When He said to Nathanael that He had seen him under a fig tree before Philip called him, ^' Nathanael answered and saith unto him, Rabbi, thou art the Son of God; thou art the King of Israel. Jesus answered and said unto him. Because I said unto thee, I saw thee under the fig tree, believest thou? "Believest thou what? Why, manifestly, that Jesus was the Son of God, the King of Israel; and so believing, the man was saved; for the Lord said unto him, "Thou shalt see greater things than these."37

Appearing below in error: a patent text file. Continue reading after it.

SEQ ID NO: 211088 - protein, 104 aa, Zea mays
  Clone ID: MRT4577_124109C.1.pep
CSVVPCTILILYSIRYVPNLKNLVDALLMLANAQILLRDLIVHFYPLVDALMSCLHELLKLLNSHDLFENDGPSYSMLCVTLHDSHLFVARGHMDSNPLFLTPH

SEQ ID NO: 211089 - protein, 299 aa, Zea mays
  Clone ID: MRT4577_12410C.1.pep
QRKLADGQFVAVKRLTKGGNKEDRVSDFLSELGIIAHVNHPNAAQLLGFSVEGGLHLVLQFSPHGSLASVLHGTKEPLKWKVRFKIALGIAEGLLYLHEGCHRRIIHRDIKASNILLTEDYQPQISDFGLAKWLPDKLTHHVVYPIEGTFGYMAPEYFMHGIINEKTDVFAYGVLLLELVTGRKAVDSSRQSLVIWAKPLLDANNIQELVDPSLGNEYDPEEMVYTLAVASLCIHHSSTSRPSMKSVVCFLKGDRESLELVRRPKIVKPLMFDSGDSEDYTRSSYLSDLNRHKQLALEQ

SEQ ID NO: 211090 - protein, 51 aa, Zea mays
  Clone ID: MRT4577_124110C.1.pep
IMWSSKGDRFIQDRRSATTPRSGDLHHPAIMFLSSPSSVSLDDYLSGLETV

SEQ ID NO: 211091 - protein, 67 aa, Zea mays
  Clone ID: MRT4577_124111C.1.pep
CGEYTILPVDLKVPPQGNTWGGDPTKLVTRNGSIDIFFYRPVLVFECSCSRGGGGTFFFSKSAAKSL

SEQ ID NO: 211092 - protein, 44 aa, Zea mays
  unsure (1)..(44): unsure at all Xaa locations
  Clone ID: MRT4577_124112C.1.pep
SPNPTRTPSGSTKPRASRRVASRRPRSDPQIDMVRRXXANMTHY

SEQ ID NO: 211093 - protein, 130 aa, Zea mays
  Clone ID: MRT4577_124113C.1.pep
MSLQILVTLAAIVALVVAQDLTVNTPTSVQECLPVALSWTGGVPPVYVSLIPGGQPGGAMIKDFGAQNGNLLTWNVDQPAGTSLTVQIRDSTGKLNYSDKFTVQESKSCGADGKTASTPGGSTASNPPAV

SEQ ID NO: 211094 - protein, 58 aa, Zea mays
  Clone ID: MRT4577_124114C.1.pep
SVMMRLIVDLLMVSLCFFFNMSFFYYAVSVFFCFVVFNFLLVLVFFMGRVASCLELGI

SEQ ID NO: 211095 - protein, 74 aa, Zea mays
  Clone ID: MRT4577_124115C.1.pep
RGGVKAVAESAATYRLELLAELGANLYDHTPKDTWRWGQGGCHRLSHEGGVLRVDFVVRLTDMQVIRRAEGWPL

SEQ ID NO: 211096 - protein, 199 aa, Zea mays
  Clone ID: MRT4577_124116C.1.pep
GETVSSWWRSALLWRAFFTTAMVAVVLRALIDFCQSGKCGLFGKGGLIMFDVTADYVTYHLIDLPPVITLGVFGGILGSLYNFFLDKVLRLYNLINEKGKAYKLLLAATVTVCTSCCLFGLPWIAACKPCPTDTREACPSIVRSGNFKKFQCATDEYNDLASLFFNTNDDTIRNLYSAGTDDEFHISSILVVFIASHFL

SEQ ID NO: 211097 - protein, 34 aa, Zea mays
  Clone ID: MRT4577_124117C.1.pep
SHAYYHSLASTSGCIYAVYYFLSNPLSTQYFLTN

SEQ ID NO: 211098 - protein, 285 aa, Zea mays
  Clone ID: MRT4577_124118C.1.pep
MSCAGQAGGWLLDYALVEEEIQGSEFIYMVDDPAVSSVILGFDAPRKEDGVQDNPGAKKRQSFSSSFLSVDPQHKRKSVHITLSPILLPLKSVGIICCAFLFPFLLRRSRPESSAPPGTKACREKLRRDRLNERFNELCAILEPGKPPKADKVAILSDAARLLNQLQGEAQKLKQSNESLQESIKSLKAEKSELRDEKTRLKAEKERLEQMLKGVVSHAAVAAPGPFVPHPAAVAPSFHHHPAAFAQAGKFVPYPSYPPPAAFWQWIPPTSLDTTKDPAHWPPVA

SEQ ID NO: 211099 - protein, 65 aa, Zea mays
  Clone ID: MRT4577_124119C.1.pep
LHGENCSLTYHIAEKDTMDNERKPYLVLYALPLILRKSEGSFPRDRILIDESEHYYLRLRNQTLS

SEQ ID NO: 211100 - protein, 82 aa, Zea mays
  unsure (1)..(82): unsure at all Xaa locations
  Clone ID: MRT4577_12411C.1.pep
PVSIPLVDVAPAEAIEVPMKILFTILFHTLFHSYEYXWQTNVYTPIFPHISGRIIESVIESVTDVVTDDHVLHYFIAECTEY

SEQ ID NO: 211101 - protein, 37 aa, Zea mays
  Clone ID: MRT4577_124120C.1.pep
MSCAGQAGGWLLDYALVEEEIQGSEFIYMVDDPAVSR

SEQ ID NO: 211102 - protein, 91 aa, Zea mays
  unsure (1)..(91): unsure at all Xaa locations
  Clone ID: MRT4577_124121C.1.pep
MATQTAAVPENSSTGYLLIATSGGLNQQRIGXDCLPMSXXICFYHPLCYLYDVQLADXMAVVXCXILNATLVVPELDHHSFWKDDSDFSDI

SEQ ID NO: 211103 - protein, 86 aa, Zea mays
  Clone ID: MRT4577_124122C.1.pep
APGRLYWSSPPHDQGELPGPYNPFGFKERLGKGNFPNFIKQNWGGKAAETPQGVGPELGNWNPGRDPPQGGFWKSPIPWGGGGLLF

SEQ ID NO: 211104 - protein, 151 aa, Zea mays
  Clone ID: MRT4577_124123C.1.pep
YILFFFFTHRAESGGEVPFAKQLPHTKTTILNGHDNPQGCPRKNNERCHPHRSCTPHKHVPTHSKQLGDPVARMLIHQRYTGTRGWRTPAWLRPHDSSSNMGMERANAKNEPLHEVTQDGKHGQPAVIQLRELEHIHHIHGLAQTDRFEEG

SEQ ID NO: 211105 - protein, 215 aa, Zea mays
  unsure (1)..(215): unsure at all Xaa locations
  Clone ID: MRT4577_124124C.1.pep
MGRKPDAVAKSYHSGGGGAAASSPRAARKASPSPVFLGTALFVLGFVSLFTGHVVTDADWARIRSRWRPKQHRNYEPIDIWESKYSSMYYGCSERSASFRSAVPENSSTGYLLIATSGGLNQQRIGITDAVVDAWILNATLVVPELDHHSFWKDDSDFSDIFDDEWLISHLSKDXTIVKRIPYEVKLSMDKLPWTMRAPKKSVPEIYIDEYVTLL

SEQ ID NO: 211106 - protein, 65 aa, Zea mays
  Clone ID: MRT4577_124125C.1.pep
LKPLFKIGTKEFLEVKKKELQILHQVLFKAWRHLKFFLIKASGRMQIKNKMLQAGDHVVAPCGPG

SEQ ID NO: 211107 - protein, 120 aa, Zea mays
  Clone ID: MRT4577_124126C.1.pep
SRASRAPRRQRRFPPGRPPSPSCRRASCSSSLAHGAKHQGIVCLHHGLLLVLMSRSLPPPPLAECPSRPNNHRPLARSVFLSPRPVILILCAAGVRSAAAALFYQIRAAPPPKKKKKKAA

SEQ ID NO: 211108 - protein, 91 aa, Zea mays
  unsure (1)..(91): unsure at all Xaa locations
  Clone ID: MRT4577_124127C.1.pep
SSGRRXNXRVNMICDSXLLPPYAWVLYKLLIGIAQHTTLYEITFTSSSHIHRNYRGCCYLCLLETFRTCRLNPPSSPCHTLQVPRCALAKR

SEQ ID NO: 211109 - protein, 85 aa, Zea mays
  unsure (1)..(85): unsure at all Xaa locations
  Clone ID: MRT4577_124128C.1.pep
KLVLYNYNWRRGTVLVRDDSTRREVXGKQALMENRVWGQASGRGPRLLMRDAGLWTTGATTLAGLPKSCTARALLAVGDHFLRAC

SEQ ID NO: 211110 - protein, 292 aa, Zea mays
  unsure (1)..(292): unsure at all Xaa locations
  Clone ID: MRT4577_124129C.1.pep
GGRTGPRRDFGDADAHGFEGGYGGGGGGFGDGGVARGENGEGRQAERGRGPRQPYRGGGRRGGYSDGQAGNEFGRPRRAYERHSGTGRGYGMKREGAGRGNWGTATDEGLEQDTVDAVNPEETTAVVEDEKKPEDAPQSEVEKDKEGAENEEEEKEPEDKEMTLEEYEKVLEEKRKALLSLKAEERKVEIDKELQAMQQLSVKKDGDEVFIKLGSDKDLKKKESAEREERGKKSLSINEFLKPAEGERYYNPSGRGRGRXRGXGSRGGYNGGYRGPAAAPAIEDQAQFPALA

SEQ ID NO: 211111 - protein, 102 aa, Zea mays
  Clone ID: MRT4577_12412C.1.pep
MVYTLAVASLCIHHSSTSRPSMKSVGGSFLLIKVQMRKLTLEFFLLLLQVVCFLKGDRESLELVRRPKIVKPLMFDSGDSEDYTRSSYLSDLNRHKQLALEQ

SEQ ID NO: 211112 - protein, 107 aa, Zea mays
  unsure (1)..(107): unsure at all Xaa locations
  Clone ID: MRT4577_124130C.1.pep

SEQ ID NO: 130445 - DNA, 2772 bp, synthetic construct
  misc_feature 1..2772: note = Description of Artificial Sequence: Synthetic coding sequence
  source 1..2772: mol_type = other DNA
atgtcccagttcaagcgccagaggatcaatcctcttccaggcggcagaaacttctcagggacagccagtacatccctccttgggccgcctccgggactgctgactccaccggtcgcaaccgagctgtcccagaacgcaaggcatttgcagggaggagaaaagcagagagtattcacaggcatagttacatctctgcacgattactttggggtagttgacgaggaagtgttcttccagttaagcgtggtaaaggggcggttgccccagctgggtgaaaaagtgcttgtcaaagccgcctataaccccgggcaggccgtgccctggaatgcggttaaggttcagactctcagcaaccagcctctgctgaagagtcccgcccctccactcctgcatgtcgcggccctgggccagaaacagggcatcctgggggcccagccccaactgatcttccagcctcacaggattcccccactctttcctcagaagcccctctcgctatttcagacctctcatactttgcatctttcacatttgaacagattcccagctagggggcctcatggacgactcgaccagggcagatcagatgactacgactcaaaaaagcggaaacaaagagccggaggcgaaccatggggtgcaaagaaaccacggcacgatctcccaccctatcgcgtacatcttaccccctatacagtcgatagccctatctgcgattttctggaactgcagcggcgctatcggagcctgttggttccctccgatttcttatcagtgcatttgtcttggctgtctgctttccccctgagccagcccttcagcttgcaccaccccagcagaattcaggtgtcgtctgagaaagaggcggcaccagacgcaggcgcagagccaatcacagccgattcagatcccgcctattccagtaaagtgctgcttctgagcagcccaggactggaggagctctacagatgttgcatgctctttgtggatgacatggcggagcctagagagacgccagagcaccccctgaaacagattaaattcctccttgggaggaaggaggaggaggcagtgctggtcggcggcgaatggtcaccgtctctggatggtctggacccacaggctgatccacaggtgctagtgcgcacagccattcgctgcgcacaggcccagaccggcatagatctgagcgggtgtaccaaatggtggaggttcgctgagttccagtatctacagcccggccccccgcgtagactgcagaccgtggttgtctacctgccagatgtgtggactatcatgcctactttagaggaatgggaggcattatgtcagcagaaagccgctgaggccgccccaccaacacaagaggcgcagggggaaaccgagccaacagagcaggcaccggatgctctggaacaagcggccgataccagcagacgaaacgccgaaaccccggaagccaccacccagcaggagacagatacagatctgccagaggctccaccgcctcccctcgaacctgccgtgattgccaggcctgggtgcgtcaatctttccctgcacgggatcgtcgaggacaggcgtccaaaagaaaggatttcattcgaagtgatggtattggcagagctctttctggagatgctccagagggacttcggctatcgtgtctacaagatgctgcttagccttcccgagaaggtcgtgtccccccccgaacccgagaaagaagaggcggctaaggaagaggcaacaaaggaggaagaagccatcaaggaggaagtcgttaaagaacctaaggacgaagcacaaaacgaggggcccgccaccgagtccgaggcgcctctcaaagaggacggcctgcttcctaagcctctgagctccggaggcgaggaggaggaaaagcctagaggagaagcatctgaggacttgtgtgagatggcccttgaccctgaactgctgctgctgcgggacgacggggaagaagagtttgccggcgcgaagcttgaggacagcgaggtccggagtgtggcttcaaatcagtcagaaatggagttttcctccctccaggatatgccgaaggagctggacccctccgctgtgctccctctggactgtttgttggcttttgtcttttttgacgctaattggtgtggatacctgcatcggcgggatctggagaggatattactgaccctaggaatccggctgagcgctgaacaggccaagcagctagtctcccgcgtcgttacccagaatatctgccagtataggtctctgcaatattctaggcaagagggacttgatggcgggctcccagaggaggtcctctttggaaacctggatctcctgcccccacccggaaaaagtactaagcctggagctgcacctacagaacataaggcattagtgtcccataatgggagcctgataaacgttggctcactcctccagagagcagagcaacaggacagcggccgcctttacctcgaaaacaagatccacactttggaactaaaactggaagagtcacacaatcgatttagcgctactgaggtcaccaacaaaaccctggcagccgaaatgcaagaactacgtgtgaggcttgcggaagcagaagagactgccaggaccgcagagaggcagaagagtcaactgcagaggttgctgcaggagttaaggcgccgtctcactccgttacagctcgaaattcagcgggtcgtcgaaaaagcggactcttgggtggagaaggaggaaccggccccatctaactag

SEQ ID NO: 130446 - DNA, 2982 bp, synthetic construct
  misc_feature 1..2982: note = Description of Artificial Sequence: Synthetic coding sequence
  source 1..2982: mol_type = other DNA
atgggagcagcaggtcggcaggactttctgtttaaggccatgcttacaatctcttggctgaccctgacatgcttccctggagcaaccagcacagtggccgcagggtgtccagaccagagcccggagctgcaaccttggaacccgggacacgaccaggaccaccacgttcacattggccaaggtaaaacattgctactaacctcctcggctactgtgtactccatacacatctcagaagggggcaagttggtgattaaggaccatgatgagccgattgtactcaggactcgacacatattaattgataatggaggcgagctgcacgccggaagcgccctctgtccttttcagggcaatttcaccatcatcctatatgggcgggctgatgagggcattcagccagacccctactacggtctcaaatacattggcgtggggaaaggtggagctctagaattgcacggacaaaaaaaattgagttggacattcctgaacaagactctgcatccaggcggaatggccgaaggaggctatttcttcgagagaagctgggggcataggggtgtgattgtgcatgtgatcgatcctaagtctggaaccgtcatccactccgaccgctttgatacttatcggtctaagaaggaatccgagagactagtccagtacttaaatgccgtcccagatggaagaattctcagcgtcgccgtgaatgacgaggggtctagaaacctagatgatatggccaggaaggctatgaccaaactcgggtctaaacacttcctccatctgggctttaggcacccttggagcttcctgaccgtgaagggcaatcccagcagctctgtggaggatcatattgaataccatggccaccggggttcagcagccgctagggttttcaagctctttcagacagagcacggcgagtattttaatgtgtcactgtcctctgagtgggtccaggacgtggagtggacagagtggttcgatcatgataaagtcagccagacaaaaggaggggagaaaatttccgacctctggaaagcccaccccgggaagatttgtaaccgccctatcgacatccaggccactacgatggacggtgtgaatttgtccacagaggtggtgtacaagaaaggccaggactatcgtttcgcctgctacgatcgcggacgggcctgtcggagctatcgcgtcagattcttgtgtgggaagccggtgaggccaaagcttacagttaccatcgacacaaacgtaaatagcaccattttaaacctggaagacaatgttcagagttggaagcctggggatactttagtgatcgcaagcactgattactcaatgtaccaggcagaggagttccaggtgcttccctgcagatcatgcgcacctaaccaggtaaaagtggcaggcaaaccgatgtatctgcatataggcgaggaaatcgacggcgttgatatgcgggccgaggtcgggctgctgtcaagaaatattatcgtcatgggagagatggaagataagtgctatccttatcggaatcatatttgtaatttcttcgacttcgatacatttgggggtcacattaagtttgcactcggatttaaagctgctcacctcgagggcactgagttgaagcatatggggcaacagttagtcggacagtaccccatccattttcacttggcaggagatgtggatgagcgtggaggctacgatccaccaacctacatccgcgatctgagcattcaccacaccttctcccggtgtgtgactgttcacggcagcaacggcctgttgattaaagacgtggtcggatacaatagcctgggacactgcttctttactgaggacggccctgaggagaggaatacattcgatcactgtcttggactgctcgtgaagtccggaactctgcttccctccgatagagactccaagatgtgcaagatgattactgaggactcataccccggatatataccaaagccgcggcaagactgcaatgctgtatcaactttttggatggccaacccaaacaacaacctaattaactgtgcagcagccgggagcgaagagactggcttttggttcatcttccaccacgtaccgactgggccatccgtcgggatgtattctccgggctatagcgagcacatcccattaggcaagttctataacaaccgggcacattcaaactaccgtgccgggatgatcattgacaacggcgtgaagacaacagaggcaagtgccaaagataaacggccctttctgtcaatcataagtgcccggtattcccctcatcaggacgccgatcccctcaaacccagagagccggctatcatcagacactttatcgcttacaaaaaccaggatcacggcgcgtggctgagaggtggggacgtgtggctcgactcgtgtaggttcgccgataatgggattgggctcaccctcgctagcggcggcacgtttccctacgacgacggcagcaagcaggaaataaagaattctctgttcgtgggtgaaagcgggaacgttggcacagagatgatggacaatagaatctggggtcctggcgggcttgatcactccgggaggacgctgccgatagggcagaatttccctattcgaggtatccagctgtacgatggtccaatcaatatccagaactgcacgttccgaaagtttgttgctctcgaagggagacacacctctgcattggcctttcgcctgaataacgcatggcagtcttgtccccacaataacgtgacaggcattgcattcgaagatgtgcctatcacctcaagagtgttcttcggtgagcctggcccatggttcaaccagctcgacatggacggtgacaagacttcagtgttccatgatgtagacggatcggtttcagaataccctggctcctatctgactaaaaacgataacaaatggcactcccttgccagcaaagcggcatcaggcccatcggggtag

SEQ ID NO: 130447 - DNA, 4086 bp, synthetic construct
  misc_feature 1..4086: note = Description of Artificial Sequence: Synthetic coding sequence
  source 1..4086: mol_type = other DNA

When He spoke so kindly to the fallen woman at the well of Samaria, seeking in matchless grace and wisdom to draw her to Himself, she said at length, perhaps with a dim consciousness of the truth stealing like the gray dawn into her opening mind, "I know that Messias cometh, which is called Christ: when he is come, he will tell us all things. Jesus saith unto her, I that speak unto thee am he,"38 and obviously it was the belief of this statement which saved her soul. No further conversation ensued between them; but instantly receiving as true His own word that He was the Messias, or Christ, she left her waterpot, and in the joy of her heart announced to every one she met that she had found the Saviour.